Get some recognition - Thanks @ValaAfshar for listing me on the Top Social CIO on Huffington Post.

One of my related posts from the archives: Top CIOs talk Social Networking and Policy

What did I miss?

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Thursday, March 20, 2014

What Agile Teams Can Learn From 1st Graders

When I saw this hanging in my daughter's classroom I knew it needed to be shared with Scrum Masters and other agile team members. So much what makes agile teams successful is dependent on their collaboration - establishing a shared understanding of priorities, solving problems, developing solutions, resolving blocks, and improving practices. A big part of this collaboration occurs in both formal and informal meetings, and good teams establish a culture, protocol and practice to insure these meetings are productive.

The 1st grade rules are a great start and offer some suggestions. Rules like "I will be nice" and "I will use good manners" are worth calling out because teams sometimes forget the basics when deadlines and other pressures mount.  Many of the other rules can be adapted to professional environments -

  • I will listen when someone is talking - Very important to remind people to truly listen to what is being asked and to stay on topic
  • I will raise my hand to talk - I will listen first and won't cut off my colleague.
  • I will always try my best - to stay focused on the agenda and make valuable contributions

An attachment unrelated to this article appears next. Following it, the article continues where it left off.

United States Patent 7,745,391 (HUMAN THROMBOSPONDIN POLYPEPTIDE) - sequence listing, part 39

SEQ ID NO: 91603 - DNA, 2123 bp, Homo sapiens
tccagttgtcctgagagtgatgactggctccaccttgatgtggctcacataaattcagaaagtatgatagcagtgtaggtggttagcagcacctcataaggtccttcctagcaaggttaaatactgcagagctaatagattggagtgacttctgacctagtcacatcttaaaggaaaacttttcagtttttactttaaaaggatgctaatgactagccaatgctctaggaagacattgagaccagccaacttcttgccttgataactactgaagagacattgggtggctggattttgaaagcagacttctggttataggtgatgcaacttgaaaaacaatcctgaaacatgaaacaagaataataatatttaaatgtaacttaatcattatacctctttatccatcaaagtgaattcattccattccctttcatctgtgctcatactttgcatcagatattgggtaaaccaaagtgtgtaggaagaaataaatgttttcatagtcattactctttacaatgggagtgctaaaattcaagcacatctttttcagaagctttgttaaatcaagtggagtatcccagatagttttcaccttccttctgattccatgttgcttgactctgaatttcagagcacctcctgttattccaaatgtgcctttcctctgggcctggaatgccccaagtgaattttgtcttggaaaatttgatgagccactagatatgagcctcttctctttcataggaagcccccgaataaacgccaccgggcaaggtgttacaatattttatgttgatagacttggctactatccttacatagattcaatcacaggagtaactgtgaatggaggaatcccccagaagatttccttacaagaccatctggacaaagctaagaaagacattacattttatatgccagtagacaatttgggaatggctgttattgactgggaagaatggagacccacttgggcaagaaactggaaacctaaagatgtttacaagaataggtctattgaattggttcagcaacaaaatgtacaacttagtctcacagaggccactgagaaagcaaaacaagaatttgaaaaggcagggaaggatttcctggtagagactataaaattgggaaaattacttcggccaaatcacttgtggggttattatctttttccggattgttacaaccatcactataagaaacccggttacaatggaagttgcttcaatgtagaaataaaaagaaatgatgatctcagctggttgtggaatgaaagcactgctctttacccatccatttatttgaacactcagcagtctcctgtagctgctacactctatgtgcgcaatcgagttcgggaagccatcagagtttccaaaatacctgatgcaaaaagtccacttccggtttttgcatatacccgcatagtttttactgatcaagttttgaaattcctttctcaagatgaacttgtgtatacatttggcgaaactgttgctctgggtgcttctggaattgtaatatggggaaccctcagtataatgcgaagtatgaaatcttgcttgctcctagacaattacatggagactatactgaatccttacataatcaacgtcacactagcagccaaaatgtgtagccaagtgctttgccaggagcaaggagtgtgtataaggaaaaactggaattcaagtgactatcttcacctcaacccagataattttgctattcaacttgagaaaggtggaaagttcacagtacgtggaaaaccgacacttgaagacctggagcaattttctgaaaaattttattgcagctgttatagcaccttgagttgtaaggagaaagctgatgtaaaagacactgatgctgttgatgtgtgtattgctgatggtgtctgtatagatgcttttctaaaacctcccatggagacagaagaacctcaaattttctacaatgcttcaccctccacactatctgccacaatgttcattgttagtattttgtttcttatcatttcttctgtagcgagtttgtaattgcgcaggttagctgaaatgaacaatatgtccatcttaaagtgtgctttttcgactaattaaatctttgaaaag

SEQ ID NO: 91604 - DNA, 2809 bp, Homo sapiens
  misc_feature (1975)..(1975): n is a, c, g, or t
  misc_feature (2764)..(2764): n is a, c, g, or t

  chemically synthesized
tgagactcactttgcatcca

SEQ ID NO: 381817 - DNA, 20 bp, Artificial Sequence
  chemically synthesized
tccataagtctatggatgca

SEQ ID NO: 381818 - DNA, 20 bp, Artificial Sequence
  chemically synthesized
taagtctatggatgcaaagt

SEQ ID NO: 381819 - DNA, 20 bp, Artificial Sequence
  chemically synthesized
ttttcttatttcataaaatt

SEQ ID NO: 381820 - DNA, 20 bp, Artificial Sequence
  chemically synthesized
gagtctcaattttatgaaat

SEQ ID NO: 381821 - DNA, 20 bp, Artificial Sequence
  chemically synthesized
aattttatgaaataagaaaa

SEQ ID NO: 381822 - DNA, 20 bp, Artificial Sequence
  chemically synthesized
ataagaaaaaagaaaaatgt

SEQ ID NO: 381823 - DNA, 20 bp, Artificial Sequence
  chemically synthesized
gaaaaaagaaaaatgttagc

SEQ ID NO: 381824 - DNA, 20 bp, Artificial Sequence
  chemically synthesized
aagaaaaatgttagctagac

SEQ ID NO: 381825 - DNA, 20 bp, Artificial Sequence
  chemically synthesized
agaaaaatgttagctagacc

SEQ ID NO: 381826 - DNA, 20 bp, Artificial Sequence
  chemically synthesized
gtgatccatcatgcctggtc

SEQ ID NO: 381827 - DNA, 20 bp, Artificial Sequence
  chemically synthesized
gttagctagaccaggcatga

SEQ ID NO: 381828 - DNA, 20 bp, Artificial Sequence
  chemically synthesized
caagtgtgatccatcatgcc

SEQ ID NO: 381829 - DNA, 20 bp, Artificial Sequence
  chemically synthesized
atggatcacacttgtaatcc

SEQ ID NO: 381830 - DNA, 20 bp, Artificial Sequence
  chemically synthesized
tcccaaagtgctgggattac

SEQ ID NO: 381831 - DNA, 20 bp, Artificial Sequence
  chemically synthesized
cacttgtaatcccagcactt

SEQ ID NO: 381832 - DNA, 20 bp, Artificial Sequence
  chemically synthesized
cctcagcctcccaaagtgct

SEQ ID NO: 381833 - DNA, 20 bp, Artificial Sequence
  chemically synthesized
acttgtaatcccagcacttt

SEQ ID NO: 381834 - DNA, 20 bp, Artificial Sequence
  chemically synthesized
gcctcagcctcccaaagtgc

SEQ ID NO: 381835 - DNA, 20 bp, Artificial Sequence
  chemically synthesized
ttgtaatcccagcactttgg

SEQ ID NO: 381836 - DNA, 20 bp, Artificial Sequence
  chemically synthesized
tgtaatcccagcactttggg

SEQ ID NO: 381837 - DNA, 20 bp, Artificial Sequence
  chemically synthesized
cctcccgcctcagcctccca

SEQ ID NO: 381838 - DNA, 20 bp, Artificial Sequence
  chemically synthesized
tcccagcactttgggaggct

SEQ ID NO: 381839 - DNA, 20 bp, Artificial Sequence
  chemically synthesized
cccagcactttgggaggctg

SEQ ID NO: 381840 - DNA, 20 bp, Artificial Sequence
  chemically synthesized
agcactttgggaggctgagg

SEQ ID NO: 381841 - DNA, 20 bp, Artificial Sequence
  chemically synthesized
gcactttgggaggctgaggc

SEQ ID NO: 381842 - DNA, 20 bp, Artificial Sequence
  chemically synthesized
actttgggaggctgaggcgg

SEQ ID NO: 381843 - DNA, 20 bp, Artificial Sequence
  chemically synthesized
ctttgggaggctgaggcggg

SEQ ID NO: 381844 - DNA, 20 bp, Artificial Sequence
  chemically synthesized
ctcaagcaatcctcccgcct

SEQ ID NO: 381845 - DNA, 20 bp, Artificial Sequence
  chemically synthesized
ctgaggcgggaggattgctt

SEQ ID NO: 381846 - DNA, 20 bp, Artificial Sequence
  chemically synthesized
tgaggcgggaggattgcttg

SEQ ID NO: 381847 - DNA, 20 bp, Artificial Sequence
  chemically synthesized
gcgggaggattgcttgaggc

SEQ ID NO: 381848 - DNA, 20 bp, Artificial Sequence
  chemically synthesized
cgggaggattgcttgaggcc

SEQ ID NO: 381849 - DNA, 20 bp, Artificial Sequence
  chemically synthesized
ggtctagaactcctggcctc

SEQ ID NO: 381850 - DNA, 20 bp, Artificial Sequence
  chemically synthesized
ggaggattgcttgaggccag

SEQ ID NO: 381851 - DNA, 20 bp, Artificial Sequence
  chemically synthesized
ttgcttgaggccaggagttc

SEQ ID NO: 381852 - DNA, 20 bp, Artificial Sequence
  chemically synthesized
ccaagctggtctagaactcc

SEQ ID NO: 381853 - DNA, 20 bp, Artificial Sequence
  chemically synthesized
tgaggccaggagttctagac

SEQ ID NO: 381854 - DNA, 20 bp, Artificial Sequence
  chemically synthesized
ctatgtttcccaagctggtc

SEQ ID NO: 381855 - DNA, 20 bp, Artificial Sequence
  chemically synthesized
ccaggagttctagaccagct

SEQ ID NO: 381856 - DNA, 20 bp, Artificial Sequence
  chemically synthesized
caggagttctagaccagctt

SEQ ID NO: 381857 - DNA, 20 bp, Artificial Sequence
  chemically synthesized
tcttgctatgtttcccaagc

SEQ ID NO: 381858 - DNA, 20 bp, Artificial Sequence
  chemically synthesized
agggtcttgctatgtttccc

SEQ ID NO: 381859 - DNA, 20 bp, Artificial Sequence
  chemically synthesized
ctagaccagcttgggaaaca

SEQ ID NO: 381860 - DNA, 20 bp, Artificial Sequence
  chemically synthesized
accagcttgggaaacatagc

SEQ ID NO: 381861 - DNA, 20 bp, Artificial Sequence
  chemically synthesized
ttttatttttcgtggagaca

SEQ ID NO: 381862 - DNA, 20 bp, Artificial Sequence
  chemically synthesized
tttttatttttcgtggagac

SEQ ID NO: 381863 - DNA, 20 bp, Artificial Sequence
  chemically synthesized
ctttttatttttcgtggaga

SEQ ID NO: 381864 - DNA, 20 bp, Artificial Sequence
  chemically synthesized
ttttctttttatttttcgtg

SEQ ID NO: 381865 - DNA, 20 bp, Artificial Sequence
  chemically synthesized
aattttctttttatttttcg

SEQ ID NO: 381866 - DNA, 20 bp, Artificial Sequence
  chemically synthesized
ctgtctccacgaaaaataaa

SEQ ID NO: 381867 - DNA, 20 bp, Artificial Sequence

• I will keep my desk clean - by shutting off phones, tablets, and laptops during the meeting
  • I will practice reading every night - and make sure I come prepared for the meeting
  • I will help my friend or teacher - by following meeting protocols and practices to insure that the agenda is addressed.

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Monday, March 10, 2014

3 Big Data Platforms Needed for Marketing Automation Success

Big Data Platforms for Marketing
Technologists and CIOs looking for businesses partners to invest in Big Data platforms should begin their hunt with their Marketing departments and CMOs. As I've been covering in this blog, CMOs looking to become more data driven as they perform multiple digital marketing experiments and are likely to select a marketing automation platform. Even when the CMO and CIO have worked together to select and implement a marketing platform, there is still much work to be done integrating data sources, crunching analytics, and visualizing results.

Siloed Marketing Platforms?

Even if one vendor for Marketing and CRM platforms is selected, these two platforms do not live in isolation. Chances are the organization has a separate financial platform and multiple product delivery platforms with their own transaction data. Digital marketing practices often have to tap into this data to help segment prospects or better communicate to existing customers, so some form of data integration or ETL is needed to fulfill marketing automation.

Garbage in, Garbage Out?

The next challenge for Marketing is to develop processes to improve data quality. Data duplication, bad addresses, incomplete records, and unstructured data fields are just the tip of the iceberg. Data isn't static, and external data sources can often be used to validate, cleanse, and enrich data. To tap into these data sources efficiently and to enable Marketing to create data cleansing rules, a combination of ETL, Data Quality, and ideally Master Data Management platforms are useful.

Getting to Data Driven Decisions

Once data from disparate systems are connected, cleansed, and maintained then there is the challenge to establish platforms and tools to drive data decisions. Data crunching platforms such as Hadoop, analytics languages such as R, or self service business intelligence platforms are all designed to visualize, cluster, or find outliers in the data. They platforms should be used to perform data discovery exercises and enable data scientists to ask smart big data questions. These platforms can also be used to help segment customers and prospects and tapped into by marketing automation platforms to drive targeted marketing messages.